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Morality and Law

Filed under: General — triassic @ 9:00 pm Thu 1st October 2015

If a woman is fighting off a rapist, should she be able to use maximum force and take his life to defend herself? i.e. Shoot, knife or bludgeon him.

If a man finds his partner has fallen pregnant to him and he decides he no longer wishes to proceed with the birth of that potential child, should he be able to use maximum force to terminate the pregnancy within the 24 week legal period? i.e. Force her to swallow the morning after pill to deal with a zygot. Punch her in the stomach severely enough to induce a miscarriage. Drug her to sleep and perform an abortion on her himself.

As you read the above you may notice that #1 tends to sound a reasonable request due to the fact that we tend to see a rapist as a sexual predator. i.e. A scum bag who just takes what he wants without consent and shows a total lack of respect for the female.

Reading #2 may make you feel a bit queemish as it entails both violence and forcing your decision upon the female. However, if you have a think about the 2 scenarios and juxtpose #2 with the actions in #1 you may discover why some men have gone down this path in order to escape a nightmare. Both actions are immoral but the law gives some protection in only one scenario.

Within the womb of the woman in #2 lies the male’s gene. Where and at what point did she obtain the right to claim that for her own? Why should the male not have a right to the destiny of his gene equal to that of the female? Not only does he lose his seed to her unwillingly but also has to endure 2 decades of financial burden in order to give her the pleasure in bringing up his seed as she sees fit.(thanks to the FC) The law leaves the male with a horrible choice in #2.

A reality check….. Leave a female without the right to have food and water and rest assure she will break the law and steal to survive. Leave a male without rights to his gene and he will break the law to survive. Logic at work of course.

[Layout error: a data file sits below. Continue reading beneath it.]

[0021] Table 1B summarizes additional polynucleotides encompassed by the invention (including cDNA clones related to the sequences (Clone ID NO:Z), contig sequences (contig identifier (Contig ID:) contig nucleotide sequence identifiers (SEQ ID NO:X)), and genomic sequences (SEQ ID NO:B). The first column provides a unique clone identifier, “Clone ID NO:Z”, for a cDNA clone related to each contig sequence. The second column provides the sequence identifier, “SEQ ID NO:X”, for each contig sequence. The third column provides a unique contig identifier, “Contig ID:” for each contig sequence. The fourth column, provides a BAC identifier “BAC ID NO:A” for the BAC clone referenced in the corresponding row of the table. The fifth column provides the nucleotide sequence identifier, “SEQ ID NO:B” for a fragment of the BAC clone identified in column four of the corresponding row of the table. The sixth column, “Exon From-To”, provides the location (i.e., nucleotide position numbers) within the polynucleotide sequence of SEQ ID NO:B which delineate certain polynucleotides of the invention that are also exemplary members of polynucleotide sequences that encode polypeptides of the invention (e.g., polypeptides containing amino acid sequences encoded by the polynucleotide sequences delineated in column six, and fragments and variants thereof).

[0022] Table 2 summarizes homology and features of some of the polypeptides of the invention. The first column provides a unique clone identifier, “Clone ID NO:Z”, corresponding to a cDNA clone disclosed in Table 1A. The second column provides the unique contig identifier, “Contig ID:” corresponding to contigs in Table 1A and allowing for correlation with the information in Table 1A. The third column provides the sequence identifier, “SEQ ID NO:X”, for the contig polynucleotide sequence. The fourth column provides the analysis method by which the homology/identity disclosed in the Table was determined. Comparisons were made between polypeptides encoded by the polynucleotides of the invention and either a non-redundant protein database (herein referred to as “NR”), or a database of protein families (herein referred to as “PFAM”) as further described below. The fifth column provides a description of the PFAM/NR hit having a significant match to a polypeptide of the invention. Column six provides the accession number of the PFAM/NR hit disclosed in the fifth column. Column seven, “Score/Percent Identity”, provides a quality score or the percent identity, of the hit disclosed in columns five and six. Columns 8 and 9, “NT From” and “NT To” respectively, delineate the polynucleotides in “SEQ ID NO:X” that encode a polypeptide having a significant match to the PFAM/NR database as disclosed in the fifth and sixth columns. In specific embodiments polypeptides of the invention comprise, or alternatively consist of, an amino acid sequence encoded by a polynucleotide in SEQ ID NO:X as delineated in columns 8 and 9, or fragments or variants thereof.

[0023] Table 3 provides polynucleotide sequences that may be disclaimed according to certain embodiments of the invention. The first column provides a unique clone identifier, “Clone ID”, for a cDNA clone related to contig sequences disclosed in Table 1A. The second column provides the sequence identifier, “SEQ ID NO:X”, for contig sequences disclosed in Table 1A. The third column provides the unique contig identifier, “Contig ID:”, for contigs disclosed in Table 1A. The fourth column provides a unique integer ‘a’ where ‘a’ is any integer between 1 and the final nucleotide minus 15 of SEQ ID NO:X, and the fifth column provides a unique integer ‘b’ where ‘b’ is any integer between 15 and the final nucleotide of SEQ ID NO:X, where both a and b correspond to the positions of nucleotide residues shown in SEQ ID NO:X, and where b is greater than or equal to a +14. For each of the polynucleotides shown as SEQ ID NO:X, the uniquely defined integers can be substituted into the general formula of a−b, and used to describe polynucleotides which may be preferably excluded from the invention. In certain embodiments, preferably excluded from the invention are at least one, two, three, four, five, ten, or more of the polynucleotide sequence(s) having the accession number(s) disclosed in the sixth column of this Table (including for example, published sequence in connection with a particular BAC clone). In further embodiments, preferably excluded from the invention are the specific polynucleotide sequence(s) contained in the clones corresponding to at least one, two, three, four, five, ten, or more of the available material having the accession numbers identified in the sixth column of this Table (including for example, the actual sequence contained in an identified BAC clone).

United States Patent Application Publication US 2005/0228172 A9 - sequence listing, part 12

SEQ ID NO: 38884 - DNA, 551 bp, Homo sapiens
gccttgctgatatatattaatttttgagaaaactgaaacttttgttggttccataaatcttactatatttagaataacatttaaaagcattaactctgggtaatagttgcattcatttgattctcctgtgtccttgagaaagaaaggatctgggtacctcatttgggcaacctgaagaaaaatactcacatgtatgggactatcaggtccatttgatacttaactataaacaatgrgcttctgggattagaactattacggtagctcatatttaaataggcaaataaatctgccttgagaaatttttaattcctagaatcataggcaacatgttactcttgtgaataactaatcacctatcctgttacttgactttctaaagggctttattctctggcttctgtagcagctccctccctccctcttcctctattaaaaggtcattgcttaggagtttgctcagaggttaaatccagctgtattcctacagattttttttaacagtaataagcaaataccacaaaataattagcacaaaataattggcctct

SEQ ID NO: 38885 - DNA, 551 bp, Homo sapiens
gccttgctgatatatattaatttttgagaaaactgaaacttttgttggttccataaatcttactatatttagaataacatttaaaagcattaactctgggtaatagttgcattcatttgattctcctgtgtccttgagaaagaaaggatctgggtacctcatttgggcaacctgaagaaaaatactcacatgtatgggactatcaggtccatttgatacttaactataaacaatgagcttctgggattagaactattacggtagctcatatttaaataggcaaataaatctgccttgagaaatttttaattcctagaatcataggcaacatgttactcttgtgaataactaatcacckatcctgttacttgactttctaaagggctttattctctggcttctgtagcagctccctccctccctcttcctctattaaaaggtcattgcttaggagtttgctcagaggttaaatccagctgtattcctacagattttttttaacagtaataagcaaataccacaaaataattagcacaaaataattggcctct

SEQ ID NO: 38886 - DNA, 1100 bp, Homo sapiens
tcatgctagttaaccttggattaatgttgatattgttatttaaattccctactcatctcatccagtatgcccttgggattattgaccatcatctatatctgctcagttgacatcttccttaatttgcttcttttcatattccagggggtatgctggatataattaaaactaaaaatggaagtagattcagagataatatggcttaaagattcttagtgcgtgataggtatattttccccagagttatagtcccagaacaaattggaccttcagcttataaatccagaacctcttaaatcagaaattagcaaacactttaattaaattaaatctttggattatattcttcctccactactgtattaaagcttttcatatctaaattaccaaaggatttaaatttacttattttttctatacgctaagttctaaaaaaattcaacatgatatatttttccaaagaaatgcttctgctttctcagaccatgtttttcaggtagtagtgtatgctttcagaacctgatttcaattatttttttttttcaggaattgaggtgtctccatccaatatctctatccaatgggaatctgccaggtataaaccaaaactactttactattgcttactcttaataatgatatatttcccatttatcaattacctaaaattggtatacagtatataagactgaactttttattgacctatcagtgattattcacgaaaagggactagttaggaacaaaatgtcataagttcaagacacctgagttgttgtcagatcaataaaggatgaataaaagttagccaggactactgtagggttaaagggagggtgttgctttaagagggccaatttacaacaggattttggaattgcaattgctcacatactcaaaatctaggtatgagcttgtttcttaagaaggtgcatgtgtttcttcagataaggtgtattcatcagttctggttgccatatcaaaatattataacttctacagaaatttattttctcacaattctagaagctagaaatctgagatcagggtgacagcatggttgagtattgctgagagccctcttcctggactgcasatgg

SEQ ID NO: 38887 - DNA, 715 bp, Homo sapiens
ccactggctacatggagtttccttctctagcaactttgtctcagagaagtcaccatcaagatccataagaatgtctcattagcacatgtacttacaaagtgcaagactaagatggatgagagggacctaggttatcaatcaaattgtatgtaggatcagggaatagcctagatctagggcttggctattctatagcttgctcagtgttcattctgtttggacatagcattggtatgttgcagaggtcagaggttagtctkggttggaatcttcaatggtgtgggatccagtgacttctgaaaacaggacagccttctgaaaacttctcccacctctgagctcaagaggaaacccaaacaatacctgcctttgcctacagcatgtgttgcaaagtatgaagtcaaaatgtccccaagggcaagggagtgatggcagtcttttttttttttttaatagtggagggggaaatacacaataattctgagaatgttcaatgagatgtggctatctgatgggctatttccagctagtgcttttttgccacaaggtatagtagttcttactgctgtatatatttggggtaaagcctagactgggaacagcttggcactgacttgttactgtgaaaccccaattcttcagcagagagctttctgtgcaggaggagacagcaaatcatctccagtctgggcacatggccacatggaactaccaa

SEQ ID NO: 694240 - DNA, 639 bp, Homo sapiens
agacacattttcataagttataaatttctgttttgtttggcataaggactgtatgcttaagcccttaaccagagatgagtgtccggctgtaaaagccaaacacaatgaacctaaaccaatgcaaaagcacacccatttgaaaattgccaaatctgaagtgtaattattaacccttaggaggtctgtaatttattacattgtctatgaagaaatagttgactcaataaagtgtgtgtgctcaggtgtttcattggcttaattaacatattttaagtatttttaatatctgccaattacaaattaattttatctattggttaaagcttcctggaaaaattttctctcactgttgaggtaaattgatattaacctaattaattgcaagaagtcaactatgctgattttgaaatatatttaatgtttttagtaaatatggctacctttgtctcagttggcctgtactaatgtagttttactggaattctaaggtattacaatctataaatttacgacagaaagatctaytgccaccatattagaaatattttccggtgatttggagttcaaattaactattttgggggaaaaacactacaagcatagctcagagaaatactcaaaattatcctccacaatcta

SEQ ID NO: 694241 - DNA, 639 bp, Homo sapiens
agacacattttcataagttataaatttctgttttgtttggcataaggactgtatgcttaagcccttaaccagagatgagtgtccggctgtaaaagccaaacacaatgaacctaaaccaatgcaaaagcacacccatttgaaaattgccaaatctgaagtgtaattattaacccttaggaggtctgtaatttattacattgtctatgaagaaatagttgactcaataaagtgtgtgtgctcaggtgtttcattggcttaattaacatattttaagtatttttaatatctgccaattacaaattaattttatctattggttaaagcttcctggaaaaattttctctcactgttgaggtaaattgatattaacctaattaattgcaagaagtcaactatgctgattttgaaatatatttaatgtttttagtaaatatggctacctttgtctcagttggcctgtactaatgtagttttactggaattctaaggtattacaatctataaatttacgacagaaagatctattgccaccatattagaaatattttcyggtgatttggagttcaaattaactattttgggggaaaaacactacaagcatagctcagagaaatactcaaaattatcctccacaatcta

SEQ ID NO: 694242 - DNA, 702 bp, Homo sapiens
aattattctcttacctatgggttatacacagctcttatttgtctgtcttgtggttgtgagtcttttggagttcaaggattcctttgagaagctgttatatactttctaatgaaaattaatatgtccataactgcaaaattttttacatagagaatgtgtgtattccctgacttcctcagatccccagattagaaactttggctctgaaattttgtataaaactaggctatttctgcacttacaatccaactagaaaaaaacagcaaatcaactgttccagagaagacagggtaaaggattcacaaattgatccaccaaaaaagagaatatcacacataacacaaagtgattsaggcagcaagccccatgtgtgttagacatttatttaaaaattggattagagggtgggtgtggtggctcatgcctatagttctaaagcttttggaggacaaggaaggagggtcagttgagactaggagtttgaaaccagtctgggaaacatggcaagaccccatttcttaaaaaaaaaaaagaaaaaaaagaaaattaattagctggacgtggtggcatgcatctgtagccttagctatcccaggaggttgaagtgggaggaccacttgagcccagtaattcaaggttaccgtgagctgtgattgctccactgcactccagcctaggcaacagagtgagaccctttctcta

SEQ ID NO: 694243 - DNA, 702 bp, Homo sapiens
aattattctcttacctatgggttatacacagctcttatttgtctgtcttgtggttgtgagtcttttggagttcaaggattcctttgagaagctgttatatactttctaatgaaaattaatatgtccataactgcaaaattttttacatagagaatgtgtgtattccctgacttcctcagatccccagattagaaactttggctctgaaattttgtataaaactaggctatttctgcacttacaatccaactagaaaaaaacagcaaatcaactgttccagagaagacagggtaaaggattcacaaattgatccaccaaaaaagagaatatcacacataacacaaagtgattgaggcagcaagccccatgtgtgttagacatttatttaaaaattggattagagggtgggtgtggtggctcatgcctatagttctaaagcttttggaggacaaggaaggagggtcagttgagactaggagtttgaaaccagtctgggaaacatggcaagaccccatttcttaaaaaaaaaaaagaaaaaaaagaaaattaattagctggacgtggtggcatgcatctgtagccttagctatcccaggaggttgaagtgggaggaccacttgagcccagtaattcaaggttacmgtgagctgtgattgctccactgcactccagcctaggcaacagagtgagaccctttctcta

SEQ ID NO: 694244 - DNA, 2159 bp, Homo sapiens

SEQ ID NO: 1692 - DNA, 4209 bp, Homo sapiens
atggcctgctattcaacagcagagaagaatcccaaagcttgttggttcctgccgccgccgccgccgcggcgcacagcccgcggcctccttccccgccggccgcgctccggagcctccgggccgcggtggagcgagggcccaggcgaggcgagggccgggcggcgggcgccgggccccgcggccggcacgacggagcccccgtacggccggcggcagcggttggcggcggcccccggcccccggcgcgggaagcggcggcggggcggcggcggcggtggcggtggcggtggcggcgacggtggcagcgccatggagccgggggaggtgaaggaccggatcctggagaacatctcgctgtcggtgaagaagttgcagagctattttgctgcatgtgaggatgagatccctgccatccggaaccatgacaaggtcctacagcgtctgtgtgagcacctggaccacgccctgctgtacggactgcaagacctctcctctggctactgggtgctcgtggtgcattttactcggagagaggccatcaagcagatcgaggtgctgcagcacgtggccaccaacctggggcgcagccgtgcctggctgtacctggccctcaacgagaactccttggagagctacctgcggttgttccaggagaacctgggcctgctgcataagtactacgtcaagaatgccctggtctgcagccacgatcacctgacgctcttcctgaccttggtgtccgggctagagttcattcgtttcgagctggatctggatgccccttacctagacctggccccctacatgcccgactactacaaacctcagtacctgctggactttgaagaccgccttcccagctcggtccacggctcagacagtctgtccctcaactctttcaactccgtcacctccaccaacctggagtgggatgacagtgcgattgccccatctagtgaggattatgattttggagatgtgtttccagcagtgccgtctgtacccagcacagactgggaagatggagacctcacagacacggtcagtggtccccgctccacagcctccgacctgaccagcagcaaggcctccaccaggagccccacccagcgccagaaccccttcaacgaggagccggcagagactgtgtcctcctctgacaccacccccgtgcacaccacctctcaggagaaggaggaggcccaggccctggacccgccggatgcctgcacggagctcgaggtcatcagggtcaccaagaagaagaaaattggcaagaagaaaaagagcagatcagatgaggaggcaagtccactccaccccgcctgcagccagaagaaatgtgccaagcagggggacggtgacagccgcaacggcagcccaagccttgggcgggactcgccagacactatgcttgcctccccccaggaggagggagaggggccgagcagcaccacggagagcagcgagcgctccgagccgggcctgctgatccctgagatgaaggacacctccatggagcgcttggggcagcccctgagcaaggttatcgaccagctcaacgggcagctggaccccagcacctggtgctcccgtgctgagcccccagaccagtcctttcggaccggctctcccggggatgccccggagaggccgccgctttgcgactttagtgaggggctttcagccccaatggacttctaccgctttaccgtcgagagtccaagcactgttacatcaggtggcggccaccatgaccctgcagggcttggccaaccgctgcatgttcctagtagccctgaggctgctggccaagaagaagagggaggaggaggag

1. This is a very controversial subject.
    Probably the subject that the media has the most difficulty in talking about.
    I have plenty to say on the subject myself.
    I use the terms, pregnancy without consent, the female version of rape.
    However I am in a position that I should respect process.
    Amy Adams, or cohorts, at some point will get my submission on her desk.
    It makes claims against the government, that she must examine.
    I have made a proposition to help address this issue.
    I could post what I have said, as it is relevant to this thread.
    But I am also interested in how my submission is dealt with.
    Tick tick tick goes the clock.

    How do you deal with Crime Against Humanity claims?

    Comment by DJ Ward — Fri 2nd October 2015 @ 8:25 am

  2. Morality and law ?

    When people refer to life and death issues, they assume that anything that causes death is bad … and anything that causes life (apart from rape) is good.

    Comment by voices back from the bush — Fri 2nd October 2015 @ 9:29 am

  3. I think a consideration should be granted as to what the male wants with regard to his ‘options’involved in a ‘falling pregnant’ scenario
    We could agree that today, his ‘options’ are nill – he has no say and he should.

    Comment by MrFatsworth — Fri 2nd October 2015 @ 10:17 am

  4. I don’t see these two situations as comparable or illustrative of anything at all triassic.

    For a start, the law does not allow a woman to use “maximum force” (ie: kill) a rapist – she can only use what a jury would consider “reasonable force”, or else she is likely to be convicted of murder.

    Furthermore, unless your second scenario involves obtaining the man’s sperm without his consent, he bears 50% of responsibility for the resulting pregnancy in my opinion.

    If you have sex without using a condom then you have to accept the potential risk.

    I acknowledge that many of us suffer from insufficient blood supply to run a brain and an erection simultaneously, but that does not prevent us from taking steps to ensure that we don’t father unplanned children.

    There may be a valid argument that where a woman is dishonest about contraception and the man does not choose to be a father, there may be a reduction or exemption from child support liability. But that is very different to enforcing an abortion.

    Comment by JohnPotter — Fri 2nd October 2015 @ 10:29 am

  5. #4 Condoms?

    I don’t think that even the manufacturers make the claim that condoms are a contraceptive. Reduce risk, yes.

    Statistically in a normal (sex life) male and female relationship, by the time the female reaches the age that fertility ends the couple will have had 5 children, if the only ‘contraception’ is condoms.

    That puts in in the category of pregnancy device.

    Comment by DJ Ward — Fri 2nd October 2015 @ 11:26 am

  6. This is men’s greatest (present) hope for contraception.

    As you can imagine, nobody in government will want this.
    Hence there is virtually no support by governments for this project/research.
    Birth rates are a significant input to GDP etc.

    If males were protected from unplanned pregnancies, or pregnancies without consent, then the birth rate would dramatically drop. Possibly by half.